Cruz also said that climate change is a threat to leatherback sea turtles, as the species is temperature dependent on determining if a turtle will be male or female. “The pivotal point for the sex ratio of leatherback sea turtles is 29.4 degrees Celsius, so any nests that incubate above that temperature will be mostly female and any nests that incubate below that temperature will yield mostly males,” said Cruz.
Because the sand heats up sooner and there is a shorter wet season, the turtle clutches are hypothesized to yield more females than males, which will ultimately lead to a population decline. Cruz also said she has observed the eggs in the nest have been heating above their critical temperature which has cut down on nest success.
The other big threat is long line fisheries that catch leatherback sea turtles in their hooks.
As for how she got interested in turtles, Cruz said that it happened during her time at UD. “It’s definitely something that came about at UD. While at UD, I was able to participate in a lot of different research projects to figure out what I was really interested in because I knew I loved wildlife but I wasn’t sure what kind of animal or what kind of area I wanted to work with,” said Cruz.
Cruz said that it was while at UD on a study abroad trip with Doug Tallamy, professor of entomology and wildlife ecology at UD, that she fell in love with sea turtles and with Costa Rica. “I think that’s a big factor as to why I’m here and was selected for the position, because I had known of Costa Rica and had traveled here before. And also, the first time I came to Costa Rica with study abroad, I wasn’t really into birds until the end of the trip and then I really got into birding and really just fell in love with the place.”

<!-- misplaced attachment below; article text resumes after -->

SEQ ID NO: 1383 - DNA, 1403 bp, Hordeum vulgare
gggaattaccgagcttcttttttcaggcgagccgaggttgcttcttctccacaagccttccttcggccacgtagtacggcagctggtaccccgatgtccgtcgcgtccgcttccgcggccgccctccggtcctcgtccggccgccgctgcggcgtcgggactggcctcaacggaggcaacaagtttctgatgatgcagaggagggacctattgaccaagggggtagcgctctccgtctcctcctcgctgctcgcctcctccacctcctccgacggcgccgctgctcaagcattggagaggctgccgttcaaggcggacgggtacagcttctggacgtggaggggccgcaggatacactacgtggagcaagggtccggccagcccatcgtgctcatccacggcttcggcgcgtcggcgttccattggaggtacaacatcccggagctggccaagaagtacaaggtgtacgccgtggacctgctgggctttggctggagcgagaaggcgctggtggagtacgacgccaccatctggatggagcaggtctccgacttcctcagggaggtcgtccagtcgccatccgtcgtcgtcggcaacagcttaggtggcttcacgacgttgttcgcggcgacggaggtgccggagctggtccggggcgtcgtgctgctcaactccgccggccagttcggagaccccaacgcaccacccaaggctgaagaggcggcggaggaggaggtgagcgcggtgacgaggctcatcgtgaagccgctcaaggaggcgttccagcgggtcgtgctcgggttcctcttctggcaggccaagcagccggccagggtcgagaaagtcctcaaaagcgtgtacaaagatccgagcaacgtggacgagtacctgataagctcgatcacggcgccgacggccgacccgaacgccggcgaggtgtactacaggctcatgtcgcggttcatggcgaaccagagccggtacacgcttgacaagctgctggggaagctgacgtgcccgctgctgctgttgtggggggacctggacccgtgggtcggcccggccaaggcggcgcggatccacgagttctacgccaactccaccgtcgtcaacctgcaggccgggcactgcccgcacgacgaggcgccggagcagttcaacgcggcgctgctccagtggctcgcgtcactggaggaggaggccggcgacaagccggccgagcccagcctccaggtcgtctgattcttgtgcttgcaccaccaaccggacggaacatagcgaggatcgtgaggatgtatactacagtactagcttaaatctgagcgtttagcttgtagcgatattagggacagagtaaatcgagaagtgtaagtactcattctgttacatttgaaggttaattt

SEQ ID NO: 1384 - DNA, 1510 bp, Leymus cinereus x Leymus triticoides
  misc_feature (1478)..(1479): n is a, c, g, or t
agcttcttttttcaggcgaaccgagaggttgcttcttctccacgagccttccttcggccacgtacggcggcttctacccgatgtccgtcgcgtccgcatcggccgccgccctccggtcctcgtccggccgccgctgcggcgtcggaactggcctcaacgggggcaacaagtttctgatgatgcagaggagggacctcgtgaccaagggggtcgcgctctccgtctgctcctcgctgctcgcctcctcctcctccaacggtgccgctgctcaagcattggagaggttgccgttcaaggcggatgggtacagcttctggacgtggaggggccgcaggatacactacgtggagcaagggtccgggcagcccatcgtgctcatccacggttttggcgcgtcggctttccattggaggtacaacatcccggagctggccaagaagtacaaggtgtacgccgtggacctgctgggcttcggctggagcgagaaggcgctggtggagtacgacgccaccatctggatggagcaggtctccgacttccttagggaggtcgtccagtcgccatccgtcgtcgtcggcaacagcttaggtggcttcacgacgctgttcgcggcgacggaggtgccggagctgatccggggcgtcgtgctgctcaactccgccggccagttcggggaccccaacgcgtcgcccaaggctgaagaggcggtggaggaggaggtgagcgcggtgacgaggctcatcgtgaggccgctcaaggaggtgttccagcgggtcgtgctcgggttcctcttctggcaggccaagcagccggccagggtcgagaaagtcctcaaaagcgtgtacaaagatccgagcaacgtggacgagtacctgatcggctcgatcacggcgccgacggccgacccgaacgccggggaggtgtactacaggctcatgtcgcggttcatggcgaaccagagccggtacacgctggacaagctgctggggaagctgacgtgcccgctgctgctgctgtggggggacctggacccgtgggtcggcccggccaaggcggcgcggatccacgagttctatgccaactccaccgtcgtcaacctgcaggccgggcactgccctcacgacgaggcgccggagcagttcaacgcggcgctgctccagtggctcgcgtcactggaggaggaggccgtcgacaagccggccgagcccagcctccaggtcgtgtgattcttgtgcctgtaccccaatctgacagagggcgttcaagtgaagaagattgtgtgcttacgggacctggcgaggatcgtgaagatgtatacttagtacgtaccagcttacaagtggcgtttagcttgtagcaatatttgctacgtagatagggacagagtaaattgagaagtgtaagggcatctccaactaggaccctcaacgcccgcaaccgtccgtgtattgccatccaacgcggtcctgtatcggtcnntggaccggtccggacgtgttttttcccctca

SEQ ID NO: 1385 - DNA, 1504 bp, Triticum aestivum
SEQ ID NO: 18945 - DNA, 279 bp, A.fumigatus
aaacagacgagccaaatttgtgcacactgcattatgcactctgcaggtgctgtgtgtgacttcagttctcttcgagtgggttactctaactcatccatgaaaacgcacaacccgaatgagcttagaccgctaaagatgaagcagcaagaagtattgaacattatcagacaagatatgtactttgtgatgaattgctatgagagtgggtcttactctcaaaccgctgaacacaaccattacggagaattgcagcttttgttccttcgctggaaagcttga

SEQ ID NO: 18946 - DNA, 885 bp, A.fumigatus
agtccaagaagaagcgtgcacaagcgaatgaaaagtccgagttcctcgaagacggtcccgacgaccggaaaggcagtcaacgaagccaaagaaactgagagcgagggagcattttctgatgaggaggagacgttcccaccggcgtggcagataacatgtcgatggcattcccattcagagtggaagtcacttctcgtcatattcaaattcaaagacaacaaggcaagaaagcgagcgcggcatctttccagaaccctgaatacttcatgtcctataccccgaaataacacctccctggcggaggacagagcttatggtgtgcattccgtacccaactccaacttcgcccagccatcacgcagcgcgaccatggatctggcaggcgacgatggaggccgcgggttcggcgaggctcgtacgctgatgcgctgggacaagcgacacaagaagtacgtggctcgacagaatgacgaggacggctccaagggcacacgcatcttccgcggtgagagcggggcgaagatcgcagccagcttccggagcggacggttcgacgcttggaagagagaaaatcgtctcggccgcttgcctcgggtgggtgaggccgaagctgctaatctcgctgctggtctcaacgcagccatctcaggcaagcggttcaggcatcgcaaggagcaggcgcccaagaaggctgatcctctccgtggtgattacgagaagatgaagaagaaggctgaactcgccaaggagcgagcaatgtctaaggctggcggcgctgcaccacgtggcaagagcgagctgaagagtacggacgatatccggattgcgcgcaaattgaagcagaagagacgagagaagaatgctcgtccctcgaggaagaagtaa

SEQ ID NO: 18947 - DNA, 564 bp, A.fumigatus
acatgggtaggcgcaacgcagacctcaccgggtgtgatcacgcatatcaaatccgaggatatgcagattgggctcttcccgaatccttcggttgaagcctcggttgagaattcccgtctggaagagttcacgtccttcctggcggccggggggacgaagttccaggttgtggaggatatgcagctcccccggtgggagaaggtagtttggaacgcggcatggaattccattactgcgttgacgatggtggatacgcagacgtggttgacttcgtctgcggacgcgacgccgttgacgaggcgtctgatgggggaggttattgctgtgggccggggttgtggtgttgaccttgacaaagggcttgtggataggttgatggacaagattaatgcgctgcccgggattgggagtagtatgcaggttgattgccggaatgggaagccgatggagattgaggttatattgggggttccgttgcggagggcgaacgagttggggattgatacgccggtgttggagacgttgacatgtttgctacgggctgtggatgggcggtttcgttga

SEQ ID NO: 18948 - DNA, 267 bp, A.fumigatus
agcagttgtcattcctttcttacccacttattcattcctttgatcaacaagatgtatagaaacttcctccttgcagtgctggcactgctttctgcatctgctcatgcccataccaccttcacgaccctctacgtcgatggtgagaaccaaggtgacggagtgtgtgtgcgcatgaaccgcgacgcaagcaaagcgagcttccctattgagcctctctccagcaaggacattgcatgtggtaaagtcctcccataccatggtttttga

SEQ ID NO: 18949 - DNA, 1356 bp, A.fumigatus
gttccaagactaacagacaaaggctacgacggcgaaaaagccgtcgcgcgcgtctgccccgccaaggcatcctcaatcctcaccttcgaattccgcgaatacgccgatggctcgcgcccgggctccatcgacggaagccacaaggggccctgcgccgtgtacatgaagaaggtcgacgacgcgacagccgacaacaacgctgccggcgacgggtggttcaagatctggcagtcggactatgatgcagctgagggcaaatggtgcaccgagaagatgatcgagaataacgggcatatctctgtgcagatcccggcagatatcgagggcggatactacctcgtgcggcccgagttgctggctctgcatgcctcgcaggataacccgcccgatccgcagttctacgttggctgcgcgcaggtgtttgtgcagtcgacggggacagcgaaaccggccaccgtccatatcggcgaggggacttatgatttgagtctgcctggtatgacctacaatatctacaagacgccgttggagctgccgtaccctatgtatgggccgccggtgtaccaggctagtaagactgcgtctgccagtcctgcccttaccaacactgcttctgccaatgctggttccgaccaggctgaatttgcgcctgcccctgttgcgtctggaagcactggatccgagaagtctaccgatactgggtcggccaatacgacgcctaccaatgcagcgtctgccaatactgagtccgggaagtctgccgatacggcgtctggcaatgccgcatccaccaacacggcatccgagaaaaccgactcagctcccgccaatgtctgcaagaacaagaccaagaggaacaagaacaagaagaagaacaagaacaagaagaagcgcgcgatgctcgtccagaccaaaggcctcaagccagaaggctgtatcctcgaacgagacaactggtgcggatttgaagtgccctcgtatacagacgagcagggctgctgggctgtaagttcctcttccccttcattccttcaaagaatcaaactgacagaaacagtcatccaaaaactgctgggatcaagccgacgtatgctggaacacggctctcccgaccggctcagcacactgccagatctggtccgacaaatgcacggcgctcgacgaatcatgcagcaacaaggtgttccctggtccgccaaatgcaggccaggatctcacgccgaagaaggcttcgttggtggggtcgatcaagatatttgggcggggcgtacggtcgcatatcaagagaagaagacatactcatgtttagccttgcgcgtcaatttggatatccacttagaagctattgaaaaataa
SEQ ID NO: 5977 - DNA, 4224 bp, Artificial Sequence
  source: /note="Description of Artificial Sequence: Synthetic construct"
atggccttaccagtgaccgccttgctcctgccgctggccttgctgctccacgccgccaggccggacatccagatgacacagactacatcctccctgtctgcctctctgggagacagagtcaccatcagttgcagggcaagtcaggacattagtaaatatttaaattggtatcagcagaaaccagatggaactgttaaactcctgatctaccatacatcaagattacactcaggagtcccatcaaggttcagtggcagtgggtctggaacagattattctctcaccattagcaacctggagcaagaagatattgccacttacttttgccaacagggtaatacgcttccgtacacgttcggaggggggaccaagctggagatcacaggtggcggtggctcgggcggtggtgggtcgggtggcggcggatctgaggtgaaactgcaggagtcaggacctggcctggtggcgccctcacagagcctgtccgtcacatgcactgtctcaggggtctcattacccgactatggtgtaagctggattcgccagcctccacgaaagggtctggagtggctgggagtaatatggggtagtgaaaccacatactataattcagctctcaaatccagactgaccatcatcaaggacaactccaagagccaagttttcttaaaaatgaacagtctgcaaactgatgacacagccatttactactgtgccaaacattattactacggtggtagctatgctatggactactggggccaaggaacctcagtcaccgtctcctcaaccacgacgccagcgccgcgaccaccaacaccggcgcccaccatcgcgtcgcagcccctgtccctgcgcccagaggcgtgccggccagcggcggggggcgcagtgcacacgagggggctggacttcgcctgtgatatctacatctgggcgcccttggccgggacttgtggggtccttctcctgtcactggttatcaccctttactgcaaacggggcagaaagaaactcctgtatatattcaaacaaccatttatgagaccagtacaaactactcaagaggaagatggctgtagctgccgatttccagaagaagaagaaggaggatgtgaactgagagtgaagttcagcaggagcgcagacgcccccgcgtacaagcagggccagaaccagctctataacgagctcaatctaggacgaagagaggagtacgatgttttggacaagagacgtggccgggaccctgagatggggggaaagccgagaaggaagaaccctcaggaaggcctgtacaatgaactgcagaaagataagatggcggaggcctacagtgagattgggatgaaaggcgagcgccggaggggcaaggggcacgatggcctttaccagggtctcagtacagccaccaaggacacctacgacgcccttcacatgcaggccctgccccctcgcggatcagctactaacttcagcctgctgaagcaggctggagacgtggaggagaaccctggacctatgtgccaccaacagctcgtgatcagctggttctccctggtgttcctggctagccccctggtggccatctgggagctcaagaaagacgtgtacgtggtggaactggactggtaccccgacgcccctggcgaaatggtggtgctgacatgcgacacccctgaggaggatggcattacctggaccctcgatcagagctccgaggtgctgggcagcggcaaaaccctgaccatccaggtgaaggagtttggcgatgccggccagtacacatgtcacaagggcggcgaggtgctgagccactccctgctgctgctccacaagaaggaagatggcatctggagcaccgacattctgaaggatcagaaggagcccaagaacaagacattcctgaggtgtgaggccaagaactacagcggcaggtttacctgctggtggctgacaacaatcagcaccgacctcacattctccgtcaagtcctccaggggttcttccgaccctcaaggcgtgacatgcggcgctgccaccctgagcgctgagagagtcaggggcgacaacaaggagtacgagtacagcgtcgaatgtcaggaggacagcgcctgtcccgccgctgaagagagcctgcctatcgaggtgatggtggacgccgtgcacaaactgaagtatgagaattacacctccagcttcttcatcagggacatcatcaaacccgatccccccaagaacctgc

Cruz said that it was on that trip that she gained hands on experience with sea turtles, as the group spent couple of nights on a research station and released olive ridley sea turtle hatchlings.
She added that while she loves working with sea turtles, she is “trying to keep my options open and get experience working with other species. I know that I’m interested in coastal environments and studying sea turtles is just kind of what happens naturally,” said Cruz. “But I’m also interested in shore birds and I think a lot of that interest was sparked at UD with ornithology classes.”
Cruz recently accepted a position for the summer as a “Teen Team Facilitator” with the Earthwatch Institute, where she will supervise high school students as they travel on environmental research based expeditions abroad in the Bahamas and Puerto Rico.
“I’m excited for this opportunity because it is similar to the UD study abroad program that sparked my interest in this type of research,” said Cruz. “Additionally, I believe education is a major driver of conservation and am pleased to be able to pass on this similar experience with other students.”
Article by Adam Thomas
Photos by Lauren Cruz
This article can also be viewed on UDaily.